Always was a Miserable Bastard

21 Nov

From the age that I first started walking and talking, I always knew my dad as a poet, painter and writer. And an alcoholic. Well, they do tend to go hand in hand, don’t they?

In 2009 my dad decided he’d had enough of this life and so took himself off to the local train station, waited for the fast one to come flying along the tracks, and let it take him into whatever comes after we leave this existence.

*By the way, it’s taken me a long time to feel even moderately comfortable talking (or writing) about that particular period in mine and my sisters’ lives. Which is why I won’t have written about it before, and almost certainly never will again.

A couple of years later one of my uncles turned up at my home to give me a book that he had found in my nan’s loft. It was a collection of the country’s best modern poetry, published in 1977 to celebrate the Queen’s Silver Jubilee. My dad, who was 21 at the time, had three of his poems in it. And reading them confirmed to me that yes, my dad always had been a miserable bastard, and that it wasn’t just something that came in later life! You gotta see the funny side, don’t ya?

Reading my dad’s writings also still confirms to me that I am nowhere near as interesting a writer as he was. But still I strive.

Anyway, I wanted to share that poem today, as I sure as hell can’t find anything to write myself. You’ll find it below….

Book cover

The book my uncle turned up to give me one day a couple of years after my dad’s death

The Sad Departure of Thomas Devine By Kevin Mole, 1955 – 2009

Thomas Devine was a kindly old chap
Who wore grey flannel trousers,
Grey scarf,
Grey cap.

And on Saturdays
He would go to the park
To watch the boys play football.
He’d cheer the losing side,
But then he always did.

Thomas Devine was a kindly old chap
Who always said, “Thank you”
And raised
His hat.

And on Sundays
He would stand by the doors
Of St. Joseph’s West
And say “Good morning”
To those he knew
And “How do you do?”
To those he didn’t.

Thomas Devine was a kindly old chap
Who died last Thursday
Whilst feeding the cat.

And on Saturday
And on Sunday
Everything was as usual,
Except for the absence
of old Thomas.
But nobody really cared.

The three poems, as credited to K. D. Mole, better known as Moley

The three poems, as credited to K. D. Mole, better known as Moley

Advertisements

4 Responses to “Always was a Miserable Bastard”

  1. angieinspired November 21, 2013 at 1:11 pm #

    My husband’s father was very similar to yours. very sad, but an interesting read. I imagine lots of years went into penning what looks like to others to be a simple “re-cap.” The best to you!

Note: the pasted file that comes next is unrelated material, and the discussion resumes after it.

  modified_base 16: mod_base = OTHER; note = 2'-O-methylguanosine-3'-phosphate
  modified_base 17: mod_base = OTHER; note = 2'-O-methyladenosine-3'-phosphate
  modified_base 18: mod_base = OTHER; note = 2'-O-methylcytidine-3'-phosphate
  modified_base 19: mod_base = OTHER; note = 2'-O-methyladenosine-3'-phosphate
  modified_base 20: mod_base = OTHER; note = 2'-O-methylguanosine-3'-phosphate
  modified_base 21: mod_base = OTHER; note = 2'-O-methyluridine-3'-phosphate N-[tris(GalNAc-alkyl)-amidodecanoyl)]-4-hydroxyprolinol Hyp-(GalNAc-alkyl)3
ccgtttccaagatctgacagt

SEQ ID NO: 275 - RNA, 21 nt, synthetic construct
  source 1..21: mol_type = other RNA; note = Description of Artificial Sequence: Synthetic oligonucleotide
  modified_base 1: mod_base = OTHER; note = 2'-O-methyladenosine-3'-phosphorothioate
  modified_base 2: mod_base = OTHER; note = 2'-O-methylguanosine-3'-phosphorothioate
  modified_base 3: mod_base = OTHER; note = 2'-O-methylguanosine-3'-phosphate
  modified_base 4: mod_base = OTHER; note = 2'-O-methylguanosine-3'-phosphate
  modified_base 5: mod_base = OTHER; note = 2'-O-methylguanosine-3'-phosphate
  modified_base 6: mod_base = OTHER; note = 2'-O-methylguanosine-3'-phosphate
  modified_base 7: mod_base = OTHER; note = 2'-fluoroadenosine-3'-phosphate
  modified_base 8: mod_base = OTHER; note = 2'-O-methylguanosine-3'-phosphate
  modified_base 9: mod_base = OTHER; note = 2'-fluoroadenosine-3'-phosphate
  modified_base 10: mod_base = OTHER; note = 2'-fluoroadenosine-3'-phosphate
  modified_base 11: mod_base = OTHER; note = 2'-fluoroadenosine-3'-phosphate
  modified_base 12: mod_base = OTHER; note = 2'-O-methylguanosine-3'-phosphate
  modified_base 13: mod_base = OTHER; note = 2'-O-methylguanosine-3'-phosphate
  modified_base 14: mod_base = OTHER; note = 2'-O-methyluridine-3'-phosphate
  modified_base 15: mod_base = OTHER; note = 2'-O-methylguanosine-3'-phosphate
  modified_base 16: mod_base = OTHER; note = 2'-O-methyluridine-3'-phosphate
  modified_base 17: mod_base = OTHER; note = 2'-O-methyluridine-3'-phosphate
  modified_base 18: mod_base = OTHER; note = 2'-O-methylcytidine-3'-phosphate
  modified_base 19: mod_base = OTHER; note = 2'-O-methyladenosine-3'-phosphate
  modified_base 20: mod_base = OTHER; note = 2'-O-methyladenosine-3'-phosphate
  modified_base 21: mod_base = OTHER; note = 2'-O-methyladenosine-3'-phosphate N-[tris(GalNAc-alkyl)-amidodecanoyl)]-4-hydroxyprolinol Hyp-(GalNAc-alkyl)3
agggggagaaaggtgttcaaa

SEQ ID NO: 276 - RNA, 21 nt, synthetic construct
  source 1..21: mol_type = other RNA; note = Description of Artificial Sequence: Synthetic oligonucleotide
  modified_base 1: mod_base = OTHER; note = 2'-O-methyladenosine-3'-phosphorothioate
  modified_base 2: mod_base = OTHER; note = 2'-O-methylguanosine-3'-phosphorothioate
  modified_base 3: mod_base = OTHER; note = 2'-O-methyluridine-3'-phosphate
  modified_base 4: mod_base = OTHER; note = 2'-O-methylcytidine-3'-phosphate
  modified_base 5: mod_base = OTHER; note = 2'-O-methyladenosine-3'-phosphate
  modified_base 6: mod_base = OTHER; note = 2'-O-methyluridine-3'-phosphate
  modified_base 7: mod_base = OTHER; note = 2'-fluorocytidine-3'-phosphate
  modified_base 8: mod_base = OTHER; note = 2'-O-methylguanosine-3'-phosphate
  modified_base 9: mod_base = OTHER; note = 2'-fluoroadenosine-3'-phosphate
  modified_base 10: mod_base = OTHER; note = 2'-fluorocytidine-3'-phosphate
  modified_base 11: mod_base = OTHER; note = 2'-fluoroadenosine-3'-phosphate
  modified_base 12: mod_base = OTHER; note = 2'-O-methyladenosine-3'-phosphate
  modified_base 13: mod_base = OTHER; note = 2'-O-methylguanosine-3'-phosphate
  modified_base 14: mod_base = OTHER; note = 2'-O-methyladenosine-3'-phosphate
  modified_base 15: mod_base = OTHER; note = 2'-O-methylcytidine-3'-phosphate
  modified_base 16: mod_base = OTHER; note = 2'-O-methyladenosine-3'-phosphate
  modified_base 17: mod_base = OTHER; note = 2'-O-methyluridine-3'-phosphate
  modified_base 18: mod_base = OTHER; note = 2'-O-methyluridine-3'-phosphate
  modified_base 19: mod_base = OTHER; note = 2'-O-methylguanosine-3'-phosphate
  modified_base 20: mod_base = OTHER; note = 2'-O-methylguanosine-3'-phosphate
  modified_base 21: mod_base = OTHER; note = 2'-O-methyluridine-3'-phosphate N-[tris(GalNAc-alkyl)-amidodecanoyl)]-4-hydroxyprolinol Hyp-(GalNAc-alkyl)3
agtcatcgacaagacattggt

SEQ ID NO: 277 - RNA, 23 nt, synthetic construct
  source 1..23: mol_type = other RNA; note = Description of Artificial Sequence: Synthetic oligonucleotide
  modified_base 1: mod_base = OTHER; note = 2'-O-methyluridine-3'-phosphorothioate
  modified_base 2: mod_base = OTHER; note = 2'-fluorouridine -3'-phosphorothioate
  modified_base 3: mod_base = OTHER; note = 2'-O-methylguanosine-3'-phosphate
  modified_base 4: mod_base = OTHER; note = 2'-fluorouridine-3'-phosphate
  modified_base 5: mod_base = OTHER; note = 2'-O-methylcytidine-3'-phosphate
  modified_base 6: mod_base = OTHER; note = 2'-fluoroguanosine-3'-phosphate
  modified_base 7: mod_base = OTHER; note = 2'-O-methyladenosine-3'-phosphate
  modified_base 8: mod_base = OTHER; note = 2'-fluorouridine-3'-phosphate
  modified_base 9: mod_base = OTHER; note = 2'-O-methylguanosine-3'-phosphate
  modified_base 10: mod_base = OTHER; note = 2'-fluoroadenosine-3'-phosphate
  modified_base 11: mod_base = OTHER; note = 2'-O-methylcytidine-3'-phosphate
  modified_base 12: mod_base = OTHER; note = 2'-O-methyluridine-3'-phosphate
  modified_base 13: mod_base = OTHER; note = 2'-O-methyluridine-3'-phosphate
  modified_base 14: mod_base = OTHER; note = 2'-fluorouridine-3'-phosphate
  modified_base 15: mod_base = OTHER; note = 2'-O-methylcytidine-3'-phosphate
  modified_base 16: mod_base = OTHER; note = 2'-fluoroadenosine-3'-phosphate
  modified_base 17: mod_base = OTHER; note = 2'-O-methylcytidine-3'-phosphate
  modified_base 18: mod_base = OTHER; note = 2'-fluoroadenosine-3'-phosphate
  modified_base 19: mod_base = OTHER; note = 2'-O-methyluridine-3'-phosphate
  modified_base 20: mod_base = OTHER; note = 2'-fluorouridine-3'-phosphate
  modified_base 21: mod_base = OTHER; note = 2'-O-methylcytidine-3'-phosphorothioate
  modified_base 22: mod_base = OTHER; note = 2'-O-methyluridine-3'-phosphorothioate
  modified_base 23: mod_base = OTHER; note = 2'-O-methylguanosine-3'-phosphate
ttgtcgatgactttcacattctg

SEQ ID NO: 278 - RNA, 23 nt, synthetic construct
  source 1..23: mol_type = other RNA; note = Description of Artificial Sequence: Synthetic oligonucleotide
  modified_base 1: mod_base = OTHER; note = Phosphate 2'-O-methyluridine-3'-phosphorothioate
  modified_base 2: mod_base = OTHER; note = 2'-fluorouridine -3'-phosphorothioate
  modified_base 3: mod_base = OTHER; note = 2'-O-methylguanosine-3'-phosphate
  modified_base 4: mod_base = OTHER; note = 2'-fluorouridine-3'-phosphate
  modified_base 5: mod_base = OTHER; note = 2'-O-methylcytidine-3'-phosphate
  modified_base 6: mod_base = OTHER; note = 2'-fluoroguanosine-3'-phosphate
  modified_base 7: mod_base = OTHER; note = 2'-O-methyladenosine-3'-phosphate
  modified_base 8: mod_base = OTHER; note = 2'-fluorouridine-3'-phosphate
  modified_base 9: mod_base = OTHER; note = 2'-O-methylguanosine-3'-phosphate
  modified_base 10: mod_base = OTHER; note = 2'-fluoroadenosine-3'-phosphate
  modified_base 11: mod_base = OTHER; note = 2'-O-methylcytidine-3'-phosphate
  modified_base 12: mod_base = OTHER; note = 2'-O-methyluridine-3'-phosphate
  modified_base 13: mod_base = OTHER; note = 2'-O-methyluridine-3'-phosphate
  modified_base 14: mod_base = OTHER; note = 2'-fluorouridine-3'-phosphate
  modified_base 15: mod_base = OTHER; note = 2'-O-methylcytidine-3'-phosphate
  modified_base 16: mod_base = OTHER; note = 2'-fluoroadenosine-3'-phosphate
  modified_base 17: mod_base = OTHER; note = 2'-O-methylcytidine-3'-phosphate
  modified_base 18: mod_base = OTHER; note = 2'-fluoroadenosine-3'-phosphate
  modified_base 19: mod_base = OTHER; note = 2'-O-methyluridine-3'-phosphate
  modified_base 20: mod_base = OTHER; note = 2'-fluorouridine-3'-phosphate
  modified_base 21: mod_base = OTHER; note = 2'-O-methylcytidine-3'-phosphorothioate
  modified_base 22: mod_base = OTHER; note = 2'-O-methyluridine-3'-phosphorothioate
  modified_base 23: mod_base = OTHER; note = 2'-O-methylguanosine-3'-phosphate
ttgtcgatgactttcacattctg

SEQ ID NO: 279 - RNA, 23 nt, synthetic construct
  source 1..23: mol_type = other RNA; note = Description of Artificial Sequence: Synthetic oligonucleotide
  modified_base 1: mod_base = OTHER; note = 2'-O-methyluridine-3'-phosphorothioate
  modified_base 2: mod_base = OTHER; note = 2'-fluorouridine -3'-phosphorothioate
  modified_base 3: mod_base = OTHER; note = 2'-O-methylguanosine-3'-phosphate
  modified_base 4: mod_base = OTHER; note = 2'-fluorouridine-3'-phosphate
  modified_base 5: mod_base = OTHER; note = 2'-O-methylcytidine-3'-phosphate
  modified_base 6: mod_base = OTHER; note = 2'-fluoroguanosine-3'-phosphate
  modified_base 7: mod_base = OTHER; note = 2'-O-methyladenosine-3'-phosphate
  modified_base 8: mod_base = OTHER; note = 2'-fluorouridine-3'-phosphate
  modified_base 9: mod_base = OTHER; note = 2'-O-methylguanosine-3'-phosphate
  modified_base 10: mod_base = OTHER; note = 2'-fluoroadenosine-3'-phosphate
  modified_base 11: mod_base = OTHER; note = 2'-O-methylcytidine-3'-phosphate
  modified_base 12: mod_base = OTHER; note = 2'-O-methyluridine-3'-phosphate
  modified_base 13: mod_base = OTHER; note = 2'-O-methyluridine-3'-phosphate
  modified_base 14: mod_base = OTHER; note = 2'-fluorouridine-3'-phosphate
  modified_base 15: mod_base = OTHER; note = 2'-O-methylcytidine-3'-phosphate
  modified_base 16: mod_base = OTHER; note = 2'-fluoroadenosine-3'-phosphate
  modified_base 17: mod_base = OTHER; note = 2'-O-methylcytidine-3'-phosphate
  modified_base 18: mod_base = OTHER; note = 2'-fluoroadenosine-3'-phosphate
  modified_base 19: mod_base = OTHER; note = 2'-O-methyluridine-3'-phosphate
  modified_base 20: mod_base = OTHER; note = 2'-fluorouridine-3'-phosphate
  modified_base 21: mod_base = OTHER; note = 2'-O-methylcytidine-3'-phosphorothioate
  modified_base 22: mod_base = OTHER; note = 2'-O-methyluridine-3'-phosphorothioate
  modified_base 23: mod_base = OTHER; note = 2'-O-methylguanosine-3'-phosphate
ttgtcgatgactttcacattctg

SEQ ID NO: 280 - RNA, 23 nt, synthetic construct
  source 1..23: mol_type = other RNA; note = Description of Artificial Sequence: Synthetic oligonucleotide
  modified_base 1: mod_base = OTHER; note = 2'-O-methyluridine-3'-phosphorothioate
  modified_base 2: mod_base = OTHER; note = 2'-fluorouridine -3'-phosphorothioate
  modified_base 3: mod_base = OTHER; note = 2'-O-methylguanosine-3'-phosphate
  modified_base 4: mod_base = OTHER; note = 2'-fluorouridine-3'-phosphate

• Kris Mole November 21, 2013 at 1:17 pm #

      Thanks. And the best to you, too!

  2. Pinkjumpers November 21, 2013 at 2:00 pm #

    This is a great post, thank you for sharing 🙂
    I also enjoyed reading the poem, especially with an insight to its writer. 🙂

    • Kris Mole November 21, 2013 at 2:09 pm #

      Ta. Thanks for reading. I’m enjoying reading posts on your blog too….

Leave a Reply

Fill in your details below or click an icon to log in:

WordPress.com Logo

You are commenting using your WordPress.com account. Log Out / Change )

Twitter picture

You are commenting using your Twitter account. Log Out / Change )

Facebook photo

You are commenting using your Facebook account. Log Out / Change )

Google+ photo

You are commenting using your Google+ account. Log Out / Change )

Connecting to %s

Playin with the Players

Playin with the Players

thisisyouth

On the quest to live an interesting life.

an aimless hitchhiker...

a diary of a vagabond woman

Apropos of Nothing

for writing out loud

Projecting the Void

Random scribblings from the diaphanous inner mind of a neon cat

Atheisting

religion, politics, & sexuality from a feminist freethinker.

dinsanga11

Stoner's Story

FLOCKZINE

Childhood | Adulthood

Kryssie's Blog

I listen, I think, I speak.

elizabethburgess15

A PhD student's thoughts on all things Spanish and Sociolinguistics

A long way to justice: A route to the Roma grassroots

Vicente and Rebekah drive Spain to India.

Pinkjumpers

The corner of the internet where you should probably turn around.

Express Me, Then Depress Me

Suffers from instant need to flash breasts and yell at strangers. People think it's my inner feminist, but no, I'm just crazy, and not always in a fun way.

%d bloggers like this: